Charles Cobb, a local West Woodstock resident, noted; "The greatest gain on account of it accrues to the farmers of School District No. 9 and others on the hill roads to South Woodstock, whose lumber and other products will be much more available than before and the value of all the farms will be considerably raised, thus benefiting the town by increasing its grand list."
Charles M. Cobb, "New Iron Bridge at West Woodstock, Vermont", Vol. II, No. 3, Inter-State Journal, January, 1901. 

Charles Cobb once again states in the Inter-State Journal article, "But more than this the people of the valley nearly all wanted a highway bridge at this point for the addition it would make to the attractive 'drives' of the town, which is one of the most romantic and picturesque in New England (the Switzerland of America) and is getting to be a summer resort of considerable consequence."   

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The West Woodstock Bridge was constructed in 1900 as a Pennsylvania metal through truss bridge. It was built by the Groton Bridge and Manufacturing Company of New York, and it is one of two Vermont bridges built by that firm (the other in Cavendish). On May 26, 1899, at a special town meeting in Woodstock's new Town Hall, the town voted to build the new bridge. Work on the abutments began on August 9, 1899, and was completed about September 15. The abutments (blue limestone and concrete) were built on top of hemlock foundation logs placed there in 1789 by Jabez Bennett. The abutments were built high enough so the bridge would be above the highwater mark of the ice jam of 1866, the highest water level of the previous fifty years.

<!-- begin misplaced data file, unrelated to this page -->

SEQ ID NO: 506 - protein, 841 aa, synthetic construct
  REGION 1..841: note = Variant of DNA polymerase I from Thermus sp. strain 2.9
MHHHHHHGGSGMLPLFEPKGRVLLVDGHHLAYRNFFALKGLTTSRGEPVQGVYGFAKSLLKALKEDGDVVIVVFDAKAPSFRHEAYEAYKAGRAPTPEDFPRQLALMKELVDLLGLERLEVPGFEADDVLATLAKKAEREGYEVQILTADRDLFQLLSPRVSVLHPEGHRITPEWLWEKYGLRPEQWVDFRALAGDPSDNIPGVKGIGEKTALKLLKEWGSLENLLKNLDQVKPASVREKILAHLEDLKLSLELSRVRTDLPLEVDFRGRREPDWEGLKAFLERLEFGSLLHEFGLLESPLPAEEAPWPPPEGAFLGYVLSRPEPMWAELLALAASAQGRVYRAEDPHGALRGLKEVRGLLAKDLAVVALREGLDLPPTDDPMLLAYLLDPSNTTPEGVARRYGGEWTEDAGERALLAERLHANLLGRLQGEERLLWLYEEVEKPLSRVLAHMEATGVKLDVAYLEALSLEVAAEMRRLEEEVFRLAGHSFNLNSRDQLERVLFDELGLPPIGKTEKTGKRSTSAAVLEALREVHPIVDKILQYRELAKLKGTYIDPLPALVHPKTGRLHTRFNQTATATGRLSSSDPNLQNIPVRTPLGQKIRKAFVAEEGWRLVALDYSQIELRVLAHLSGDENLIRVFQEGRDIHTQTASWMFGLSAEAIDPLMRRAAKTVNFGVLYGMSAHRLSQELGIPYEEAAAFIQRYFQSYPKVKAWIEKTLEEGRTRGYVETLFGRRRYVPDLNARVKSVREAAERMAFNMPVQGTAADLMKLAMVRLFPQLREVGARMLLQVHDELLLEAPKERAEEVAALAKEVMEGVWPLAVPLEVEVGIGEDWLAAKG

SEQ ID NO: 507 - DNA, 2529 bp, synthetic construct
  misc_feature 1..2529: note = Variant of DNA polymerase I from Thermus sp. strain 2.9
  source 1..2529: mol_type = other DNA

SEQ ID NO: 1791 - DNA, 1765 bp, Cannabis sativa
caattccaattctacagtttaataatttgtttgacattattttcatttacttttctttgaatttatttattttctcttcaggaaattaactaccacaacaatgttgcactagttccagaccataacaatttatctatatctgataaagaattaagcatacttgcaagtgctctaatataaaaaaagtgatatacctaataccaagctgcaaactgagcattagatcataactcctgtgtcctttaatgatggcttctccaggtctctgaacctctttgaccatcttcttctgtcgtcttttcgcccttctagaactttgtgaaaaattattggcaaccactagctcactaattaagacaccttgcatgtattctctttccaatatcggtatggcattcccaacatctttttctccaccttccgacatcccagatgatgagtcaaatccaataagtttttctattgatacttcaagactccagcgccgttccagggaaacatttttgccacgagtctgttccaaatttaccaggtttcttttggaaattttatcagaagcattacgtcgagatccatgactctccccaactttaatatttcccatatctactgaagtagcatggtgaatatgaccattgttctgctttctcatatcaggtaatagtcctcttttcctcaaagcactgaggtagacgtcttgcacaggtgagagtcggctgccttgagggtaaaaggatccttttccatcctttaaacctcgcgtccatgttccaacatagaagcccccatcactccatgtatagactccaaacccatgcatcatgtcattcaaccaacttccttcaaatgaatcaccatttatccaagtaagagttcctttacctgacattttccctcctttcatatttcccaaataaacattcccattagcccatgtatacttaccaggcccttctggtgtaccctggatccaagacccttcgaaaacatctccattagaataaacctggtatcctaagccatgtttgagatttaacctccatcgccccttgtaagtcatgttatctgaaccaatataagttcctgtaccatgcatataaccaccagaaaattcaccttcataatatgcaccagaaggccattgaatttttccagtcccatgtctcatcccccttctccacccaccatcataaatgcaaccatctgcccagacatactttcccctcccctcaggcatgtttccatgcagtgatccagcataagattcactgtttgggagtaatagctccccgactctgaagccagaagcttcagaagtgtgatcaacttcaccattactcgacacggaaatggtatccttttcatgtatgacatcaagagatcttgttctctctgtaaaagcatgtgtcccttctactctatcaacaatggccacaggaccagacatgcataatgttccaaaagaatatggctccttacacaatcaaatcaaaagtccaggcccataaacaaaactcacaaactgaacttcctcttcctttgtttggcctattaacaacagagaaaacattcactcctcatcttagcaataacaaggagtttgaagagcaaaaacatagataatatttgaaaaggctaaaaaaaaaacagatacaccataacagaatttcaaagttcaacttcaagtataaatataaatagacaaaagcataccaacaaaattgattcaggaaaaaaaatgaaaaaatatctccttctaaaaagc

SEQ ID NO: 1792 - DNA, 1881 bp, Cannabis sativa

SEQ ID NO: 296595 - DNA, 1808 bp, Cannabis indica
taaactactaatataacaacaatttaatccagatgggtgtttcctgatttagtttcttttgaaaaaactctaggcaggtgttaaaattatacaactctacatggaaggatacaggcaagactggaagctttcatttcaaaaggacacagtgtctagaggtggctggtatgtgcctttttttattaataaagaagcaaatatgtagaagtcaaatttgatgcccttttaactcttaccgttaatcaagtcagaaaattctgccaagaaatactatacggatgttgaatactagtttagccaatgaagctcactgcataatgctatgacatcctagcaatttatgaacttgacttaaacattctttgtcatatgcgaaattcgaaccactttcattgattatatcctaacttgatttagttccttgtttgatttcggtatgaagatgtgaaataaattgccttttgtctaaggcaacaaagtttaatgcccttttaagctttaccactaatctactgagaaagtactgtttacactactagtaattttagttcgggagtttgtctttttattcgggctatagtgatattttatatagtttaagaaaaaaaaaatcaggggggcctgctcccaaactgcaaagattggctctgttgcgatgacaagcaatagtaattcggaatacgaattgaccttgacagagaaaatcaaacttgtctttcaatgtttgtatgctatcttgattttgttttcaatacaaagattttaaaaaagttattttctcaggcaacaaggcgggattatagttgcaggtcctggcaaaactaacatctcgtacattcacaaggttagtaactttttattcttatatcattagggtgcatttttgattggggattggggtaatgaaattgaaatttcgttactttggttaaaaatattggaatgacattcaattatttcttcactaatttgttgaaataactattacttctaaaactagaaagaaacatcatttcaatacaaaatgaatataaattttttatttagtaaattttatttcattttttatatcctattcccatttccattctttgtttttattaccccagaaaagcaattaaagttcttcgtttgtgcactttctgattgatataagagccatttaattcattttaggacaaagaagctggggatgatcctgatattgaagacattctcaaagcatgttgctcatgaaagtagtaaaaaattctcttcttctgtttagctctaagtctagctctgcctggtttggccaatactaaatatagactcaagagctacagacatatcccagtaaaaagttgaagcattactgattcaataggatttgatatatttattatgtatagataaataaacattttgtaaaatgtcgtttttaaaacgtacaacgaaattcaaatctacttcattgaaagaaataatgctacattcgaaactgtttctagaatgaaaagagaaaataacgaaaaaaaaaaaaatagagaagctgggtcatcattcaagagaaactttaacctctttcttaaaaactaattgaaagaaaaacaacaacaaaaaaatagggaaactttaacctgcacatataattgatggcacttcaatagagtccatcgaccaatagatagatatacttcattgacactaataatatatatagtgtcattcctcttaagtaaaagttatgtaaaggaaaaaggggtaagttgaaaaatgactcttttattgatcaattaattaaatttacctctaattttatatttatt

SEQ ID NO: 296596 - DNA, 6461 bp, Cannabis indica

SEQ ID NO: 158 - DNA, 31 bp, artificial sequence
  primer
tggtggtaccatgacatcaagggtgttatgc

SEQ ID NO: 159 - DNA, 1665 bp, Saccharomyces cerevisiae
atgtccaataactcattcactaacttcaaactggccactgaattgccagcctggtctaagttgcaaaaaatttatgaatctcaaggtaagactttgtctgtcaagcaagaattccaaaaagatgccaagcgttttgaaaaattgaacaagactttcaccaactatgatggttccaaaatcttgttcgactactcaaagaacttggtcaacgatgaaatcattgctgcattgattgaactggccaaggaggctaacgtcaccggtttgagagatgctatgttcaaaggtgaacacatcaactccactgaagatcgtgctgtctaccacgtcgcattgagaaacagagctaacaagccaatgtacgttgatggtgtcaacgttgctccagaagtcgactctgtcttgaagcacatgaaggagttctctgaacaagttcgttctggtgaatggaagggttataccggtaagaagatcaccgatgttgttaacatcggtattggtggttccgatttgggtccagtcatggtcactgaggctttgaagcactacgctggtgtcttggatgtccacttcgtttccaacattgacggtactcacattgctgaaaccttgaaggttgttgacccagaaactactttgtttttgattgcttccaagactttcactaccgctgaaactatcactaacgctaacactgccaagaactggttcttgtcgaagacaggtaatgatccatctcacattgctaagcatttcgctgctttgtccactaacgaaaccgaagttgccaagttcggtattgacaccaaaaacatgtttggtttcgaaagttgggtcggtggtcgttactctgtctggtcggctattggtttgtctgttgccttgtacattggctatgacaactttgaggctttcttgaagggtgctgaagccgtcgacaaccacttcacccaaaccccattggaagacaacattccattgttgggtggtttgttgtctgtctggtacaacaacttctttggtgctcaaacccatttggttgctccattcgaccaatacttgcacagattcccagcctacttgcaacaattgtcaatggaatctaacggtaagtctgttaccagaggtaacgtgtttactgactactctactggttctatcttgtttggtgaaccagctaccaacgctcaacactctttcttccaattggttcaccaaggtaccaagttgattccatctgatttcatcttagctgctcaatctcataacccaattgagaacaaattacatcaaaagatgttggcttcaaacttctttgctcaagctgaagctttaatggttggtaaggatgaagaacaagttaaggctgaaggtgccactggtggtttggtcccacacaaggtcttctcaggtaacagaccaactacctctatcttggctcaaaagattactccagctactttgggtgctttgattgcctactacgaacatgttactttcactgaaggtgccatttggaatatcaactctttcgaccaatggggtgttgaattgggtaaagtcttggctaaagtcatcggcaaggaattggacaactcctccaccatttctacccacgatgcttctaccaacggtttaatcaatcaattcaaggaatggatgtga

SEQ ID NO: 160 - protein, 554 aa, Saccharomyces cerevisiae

"The bridge was purchased by the Selectman of Woodstock of the Groton, N.Y. Mfg. Co., considerably below its cost, under the following circumstances. The company named had sent a similar bridge to a New York town to be 'put on' when a freshet washed away the abutments made there for it, and widened the stream so that it would not do for the place, and the town declined to take the bridge. So it was offered to Woodstock at a good discount, and the offer was accepted. But when the Company ordered the bridge shipped to Woodstock, another place had been found for it and the holders refused to give it up, and a new bridge was made and sent to us on the same terms and at a loss."
Charles M. Cobb, "New Iron Bridge at West Woodstock, Vermont," Vol. II, No. 3, Inter-State Journal, January, 1901. 

 The bridge work began about November 14 by Groton Bridge and Manufacturing Company men under the direction of J.S. Hunter. The bridge was finished and opened for travel on December 7, 1900. The total cost for the bridge and placing it on the site was about $6,000. The bridge is 173 feet in length, 32 feet in height, and 16 feet in width, and weighs more than 50 tons. It was listed on the National Register of Historical Places on September 9, 1982.

A rehabilitation of the "Mill Bridge," or the West Woodstock Bridge was completed in June, 2002. "The renovated bridge will allow small trucks, school buses and fire trucks weighing up to 40,000 pounds to use this bridge. The project is a unique way to maintain the historical integrity of the structure and add carrying capacity to the bridge. The solution that was designed involved building an arch to surround the outside steel members. This arch supports a new floor system and increases the load carrying capacity of the bridge from 3 tons to 20 tons. The total cost of the construction was approximately 1.5 million, and the town paid approximately $75,000. This work could not have been accomplished without the federal and state grants that we received for this project." Annual Report 2001-2002, Town of Woodstock